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African wood


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So one of the many things my dad brought me was some roughly 3x3 posts that were used as shipping pallets. They were from Africa, I'm wondering if anyone would know what kind of wood it may be. I'll go take a few pictures and put them up shortly. I'm thinking of trying to use it as hammer handles. He said it wasn't dried, so it was cut right before being sent and has since air dried, so it's not compromised from being kiln dried.



There's a few pictures of two different pieces.

I'm extremely bad at knowing what a tree is, so I'm not having any luck identifying with pictures of different types of wood online.

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Hi Pr3ssure,

If I look to the structure of the wood it looks like interlocked wood grain with crossing fibres like many long growing African trees have (to many sorts to define your  3x3 posts). It have not the long diagonal wood grain like ash or beech you normally use for many kind of handles. Ash or beech will act like a spring and absorb the shock of the hammer beats to your wrist. Interlock wood grain is very decorative ones polished and furnished but will not absorb shocks.   

There is another thing you have an eye on. If the wood ones used for packaging and transportation and came by shipping from Africa it must be compliant to the IPPC regulations and should be debarked  and heat treaded or gas treaded by Methyl bromide (!). They do/require this to avoid migration of agriculture quarantine pests, termites, funguses and plant diseases. See links below.

In your case -the posts are debarked and stored/air kiln for quit a long time that eventual leftovers of MB are long gone, but reconsider the use of the wood for hammer handles.

Ware gloves during working on the wood because my experience after working with Wenge, Mahony en Azobe (fantastic wood with interlocked wood grain) result very often in annoying little infections on my hands caused by wood splinters.

Have a good WE, and fun with your exotic wood source.

Hans (The ‘Work safety pope’)




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A big +1 on the use of gloves when working that wood. Don't forget to wear good quality respirator suited to the tasks also-most of the African hardwoods are at the very least irritants-a few much worse for you than that. Cut a small piece, polish it and see what sort of chatoyance if any is present. You may be pleasantly surprised!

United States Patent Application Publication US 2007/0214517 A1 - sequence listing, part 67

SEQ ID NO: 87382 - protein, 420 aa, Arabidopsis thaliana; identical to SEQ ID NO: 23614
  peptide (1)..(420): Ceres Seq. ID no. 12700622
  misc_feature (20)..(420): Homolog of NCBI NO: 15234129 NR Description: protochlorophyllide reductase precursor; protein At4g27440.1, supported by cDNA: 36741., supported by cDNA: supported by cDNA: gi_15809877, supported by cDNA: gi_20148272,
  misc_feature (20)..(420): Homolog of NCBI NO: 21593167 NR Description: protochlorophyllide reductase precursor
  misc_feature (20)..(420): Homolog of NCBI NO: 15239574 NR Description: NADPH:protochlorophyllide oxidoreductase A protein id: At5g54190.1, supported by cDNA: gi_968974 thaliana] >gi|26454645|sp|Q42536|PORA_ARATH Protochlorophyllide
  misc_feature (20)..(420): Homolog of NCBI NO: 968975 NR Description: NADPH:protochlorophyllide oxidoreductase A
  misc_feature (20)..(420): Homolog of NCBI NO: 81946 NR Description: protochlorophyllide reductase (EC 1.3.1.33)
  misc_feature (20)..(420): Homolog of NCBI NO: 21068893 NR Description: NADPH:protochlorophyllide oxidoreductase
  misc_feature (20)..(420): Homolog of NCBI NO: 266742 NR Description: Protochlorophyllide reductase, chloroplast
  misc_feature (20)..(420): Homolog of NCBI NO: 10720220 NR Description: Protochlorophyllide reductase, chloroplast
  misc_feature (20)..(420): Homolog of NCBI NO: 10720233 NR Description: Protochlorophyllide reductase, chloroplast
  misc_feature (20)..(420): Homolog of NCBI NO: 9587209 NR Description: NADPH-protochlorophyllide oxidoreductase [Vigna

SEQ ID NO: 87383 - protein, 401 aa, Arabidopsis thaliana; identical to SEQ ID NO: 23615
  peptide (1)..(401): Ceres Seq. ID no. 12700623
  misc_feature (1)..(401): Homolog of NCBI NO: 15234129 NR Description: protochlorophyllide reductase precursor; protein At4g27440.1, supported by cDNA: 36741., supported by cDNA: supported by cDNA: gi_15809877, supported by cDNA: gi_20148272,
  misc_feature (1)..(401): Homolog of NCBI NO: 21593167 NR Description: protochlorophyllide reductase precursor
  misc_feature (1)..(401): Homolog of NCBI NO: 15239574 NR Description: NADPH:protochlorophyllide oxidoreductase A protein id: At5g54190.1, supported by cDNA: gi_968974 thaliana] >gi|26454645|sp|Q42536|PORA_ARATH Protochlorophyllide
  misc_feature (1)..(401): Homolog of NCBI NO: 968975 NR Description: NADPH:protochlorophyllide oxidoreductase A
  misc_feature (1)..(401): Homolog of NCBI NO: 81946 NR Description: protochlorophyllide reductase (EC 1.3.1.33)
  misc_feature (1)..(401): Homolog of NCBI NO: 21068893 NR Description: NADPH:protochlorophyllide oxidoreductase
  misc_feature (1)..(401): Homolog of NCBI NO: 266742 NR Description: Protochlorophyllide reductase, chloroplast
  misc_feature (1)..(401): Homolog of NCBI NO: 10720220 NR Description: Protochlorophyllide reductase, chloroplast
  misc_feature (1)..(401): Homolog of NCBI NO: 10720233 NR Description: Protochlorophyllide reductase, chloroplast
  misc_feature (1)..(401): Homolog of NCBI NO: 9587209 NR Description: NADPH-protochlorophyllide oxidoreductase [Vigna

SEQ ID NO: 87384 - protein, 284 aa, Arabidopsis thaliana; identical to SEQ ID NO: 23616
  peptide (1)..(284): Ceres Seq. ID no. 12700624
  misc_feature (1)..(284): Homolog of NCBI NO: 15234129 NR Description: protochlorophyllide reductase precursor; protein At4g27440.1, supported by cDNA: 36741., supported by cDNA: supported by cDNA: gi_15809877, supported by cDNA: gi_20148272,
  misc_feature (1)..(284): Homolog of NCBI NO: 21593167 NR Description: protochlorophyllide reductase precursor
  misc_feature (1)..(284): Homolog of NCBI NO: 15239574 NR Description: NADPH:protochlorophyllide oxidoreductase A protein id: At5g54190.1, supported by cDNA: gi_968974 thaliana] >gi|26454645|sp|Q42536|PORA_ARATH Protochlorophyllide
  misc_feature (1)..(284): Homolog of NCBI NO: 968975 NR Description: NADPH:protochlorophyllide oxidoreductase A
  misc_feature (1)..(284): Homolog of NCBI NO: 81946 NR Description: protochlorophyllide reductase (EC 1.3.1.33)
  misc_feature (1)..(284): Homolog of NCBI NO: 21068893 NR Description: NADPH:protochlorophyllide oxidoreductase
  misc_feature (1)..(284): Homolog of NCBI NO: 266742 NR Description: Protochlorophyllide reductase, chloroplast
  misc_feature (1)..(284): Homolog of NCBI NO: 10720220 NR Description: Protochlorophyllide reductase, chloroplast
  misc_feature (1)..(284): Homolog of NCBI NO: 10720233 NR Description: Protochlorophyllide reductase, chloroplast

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Mr. Pr3ssure,

I suggest that you stick with a wood that is shock resistant for handles. Good examples are ash or hickory. A small billet (piece) of which would not cost much. Especially if you craft the handle yourself. (there are a number of threads on this site that discuss making good handles). Mr. Frosty makes a wonderful handle. Check it out. Your wood can be used for other purposes, or traded.

Check this reference for toxic woods. (including those woods that cause infectious micro-splinters & skin irritant oils). 


Azobe = Ekki wood is a beautiful wood but it has an interlocking grain, which poorly absorbs shock. (which causes repetitive strain injury, Which you do not want). 



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On ‎25‎/‎11‎/‎2017 at 10:50 PM, JHCC said:

Many tropical hardwoods also contain volatile resins that protect the tree from insect attack. Some of these can cause severe irritation and allergic reactions in humans, so wear a decent dust mask as well as those gloves. 

That is so true. I have been turning tropical timbers for years and some of them are really toxic, notably red cedar, black bean and rain tree. As a young foolish fellow I never worried about respirators and stuff and just put up with the chest complaints, sore throats and nosebleeds. Much wiser these days!

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